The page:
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Norton Ad Blocking
How to disable page if Norton Ad Blocking found?
wildfiction




msg:1404079
 8:54 am on Apr 2, 2005 (gmt 0)

A number of the users of my web site state that they don't see my Google AdSense ads because their Norton Personal Firewall blocks the ads.

I was wondering if there was anyway that a page page could "detect" the prescense of Norton Personal Firewall and the ad blocking setting and if it (the web page) "sees" that ads are being blocked then it informs the user that they need to disable ad blocking in order to see the page's conents.

This doesn't seem possible to me because the server sends all the info to the client and it's the client side that filters out what is displayed to the user. However, I know that the client can ask the user what browswer the user is using (for example) so that the page can be formatted or customized according to the browser. I was wondering if Norton and its settings were available to the browser in a similar way?

 

Jack_Hughes




msg:1404080
 10:24 am on Apr 2, 2005 (gmt 0)

take a look at your logs at the user agent field. if the norton software adds something identifiable to the user agent then you are in business.

goofy




msg:1404081
 10:25 am on Apr 2, 2005 (gmt 0)

norton destroys not only google adds but many other affiliate programs ,this is a very serious problem and the big companies should get some legal action? who is norton by the way that destroys billions of earnings from adds.

jetteroheller




msg:1404082
 10:50 am on Apr 2, 2005 (gmt 0)

whats about the idea

Google AdSense code

<noscript>
very annoying animated gif
</noscript>

<script>
if (! google_ad_width )
{ document.write ( very annoying animated gif ) }
</script>

Something what flashes in red yellow in the face of the user

Ad
successfull
blocked

vordmeister




msg:1404083
 11:39 am on Apr 2, 2005 (gmt 0)

I just tried turning on Norton ad blocker and I still seem to be able to see google ads.

When I last looked into Norton last year it appeared to block images of the standard ad sizes, just about anything with ad in the url. I'm not sure whether it will pick up sections like div class="ads", but I try to avoid identifying ads in this way.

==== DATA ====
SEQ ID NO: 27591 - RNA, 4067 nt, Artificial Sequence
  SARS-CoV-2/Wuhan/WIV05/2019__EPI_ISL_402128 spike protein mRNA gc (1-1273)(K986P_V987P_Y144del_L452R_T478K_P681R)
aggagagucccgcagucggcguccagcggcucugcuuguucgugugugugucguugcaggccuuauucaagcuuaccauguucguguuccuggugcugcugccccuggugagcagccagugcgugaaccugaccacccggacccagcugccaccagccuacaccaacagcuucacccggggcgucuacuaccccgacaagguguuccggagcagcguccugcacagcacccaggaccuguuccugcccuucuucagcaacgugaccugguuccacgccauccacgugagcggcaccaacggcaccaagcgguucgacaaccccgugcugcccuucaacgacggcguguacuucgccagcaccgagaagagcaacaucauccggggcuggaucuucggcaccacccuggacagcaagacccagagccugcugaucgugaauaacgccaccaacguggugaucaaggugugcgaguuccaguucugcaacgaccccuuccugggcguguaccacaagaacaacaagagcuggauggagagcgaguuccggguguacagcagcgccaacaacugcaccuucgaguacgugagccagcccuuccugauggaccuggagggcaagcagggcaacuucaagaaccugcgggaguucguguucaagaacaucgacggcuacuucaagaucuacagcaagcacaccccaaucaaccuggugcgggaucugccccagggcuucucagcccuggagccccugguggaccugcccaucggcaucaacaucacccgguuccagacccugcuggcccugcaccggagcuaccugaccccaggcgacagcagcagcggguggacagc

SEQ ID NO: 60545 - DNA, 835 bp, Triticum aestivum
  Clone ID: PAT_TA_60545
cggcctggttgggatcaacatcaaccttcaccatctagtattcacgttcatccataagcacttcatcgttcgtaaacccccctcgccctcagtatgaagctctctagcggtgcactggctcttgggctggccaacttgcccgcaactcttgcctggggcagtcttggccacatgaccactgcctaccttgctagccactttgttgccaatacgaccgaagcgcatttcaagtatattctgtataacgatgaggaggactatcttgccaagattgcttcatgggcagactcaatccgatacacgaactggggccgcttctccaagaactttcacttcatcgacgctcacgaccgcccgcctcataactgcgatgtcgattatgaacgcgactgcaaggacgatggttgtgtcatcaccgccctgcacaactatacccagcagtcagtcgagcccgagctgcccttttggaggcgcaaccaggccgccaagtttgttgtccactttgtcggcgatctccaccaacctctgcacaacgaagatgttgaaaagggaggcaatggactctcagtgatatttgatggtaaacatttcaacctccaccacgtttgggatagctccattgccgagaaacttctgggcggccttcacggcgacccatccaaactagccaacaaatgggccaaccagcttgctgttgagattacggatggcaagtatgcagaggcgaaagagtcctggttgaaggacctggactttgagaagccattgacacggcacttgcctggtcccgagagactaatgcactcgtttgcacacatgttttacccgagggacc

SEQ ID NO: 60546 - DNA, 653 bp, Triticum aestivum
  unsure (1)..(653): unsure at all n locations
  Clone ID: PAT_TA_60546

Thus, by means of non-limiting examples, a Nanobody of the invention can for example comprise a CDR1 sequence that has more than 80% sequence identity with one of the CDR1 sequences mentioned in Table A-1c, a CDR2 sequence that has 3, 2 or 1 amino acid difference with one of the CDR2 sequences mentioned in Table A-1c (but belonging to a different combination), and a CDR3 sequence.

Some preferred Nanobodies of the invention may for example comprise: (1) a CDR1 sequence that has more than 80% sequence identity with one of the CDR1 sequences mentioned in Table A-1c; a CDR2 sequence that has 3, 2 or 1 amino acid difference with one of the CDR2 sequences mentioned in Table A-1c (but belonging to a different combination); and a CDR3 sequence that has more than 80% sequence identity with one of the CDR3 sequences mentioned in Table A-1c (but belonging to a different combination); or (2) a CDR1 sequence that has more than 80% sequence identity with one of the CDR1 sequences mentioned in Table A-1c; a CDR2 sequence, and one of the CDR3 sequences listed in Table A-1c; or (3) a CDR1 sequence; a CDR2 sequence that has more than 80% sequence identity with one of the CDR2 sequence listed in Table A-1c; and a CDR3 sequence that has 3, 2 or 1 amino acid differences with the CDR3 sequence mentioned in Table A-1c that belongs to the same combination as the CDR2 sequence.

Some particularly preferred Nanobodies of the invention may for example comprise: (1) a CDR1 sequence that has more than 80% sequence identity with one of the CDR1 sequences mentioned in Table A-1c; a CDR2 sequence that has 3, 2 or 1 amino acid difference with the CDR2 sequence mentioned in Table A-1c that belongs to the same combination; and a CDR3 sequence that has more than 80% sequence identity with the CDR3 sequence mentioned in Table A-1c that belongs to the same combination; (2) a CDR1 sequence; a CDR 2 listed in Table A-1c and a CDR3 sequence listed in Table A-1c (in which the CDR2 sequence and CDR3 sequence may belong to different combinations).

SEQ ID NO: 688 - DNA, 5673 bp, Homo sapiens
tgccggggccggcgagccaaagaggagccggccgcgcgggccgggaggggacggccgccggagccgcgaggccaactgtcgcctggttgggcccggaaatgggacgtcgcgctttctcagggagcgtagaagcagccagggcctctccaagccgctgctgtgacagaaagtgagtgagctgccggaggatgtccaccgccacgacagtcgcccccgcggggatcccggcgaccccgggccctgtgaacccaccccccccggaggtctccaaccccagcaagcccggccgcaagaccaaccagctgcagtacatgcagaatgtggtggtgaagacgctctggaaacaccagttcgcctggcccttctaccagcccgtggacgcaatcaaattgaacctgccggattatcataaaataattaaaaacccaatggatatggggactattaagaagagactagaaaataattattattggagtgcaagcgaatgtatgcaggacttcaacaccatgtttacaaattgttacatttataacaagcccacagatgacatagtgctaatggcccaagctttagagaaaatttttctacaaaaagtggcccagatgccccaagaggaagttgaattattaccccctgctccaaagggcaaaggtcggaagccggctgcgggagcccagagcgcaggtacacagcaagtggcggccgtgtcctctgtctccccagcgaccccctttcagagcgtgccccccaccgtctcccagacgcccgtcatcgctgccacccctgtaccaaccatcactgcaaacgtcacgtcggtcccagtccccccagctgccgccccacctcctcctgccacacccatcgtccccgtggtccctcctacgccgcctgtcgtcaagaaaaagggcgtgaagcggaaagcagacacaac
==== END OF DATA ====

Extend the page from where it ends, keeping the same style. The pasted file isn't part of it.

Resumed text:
Google ads often had titles missing but the description still there, so the javascript doesn't appear to be blocked.

jetteroheller




msg:1404084
 11:54 am on Apr 2, 2005 (gmt 0)

Oh!

At my last big change, all the ads are in divs

<div id=add120x240....

seems I make now a big action to replace all by nav instead of add

PCInk




msg:1404085
 11:55 am on Apr 2, 2005 (gmt 0)

> Google ads often had titles missing but the description still there, so the javascript doesn't appear to be blocked.

Norton seems to let Google adverts go (I can see both G and AS adverts when Norton is installed).

The problem with missing titles isw the ADVERTISERS url, not Google's problem.

Any url with?ad= or &ad= or the word 'banner' will be blocked (as examples). Google put the destination url into a variable in the URL to click through to. Norton scans that and filters words.

I changed plenty of AW url destinations so that AW now show with Norton installed.

darkmage




msg:1404086
 2:12 am on Apr 3, 2005 (gmt 0)

Well what is the point? You try to force them to turn off the ad blocker - will they then really click your ads anyway or simply go back to Google and go to the next result?

As for displaying an animated gif - well that's a good example of someone providing unhelpful advice. Norton turns off animated gifs.

Will the whole process make visitors think twice about blocking ads? Not on your life. And if they are somehow made to think that they should turn off the blocker so they can see more ads, you won't benefit because they would have long been annoyed at your site.

Ad blockers have been around for years and they have had minimal impact. It may be annoying to web masters but there are more important issues to worry about.

wildfiction




msg:1404087
 9:04 am on Apr 3, 2005 (gmt 0)

darkmage: If you have a free site which visitors come to just for the content then I don't see the problem with switching content if they can't see the ads because otherwise the purpose of you providing that content is nullified.

So if you can detect that ads are being blocked then you can put up a message on the web page stating:

"In order to view this web page you need to disable ad blocking. This is how you do that..."

I believe (and correct me if I'm wrong) but there is no benefit to you having visitors surfing pages that are only there for the ads on the pages?

killroy




msg:1404088
 11:28 am on Apr 3, 2005 (gmt 0)

One funny side note is that according to AdSense TOS you're not allowed to place it on pages that are there just for the ads ;)

SN

wildfiction




msg:1404089
 1:14 pm on Apr 3, 2005 (gmt 0)

That's a good comment Killroy. Do you think that is taken in the correct context?

Newspapers and magazines have articles and content based on advertisers that read them and tailor their content according to their advertisers.

It is rare that you see an article bashing Revlon in Cosmopolitan on the opposite page to a full page ad taken out by Revlon.

There mere fact that Google's AdSense scans for keywords on your page seems to imply that the subject matter is key and if the subject matter is conent then it looks like you could be caught in a catch-22...?

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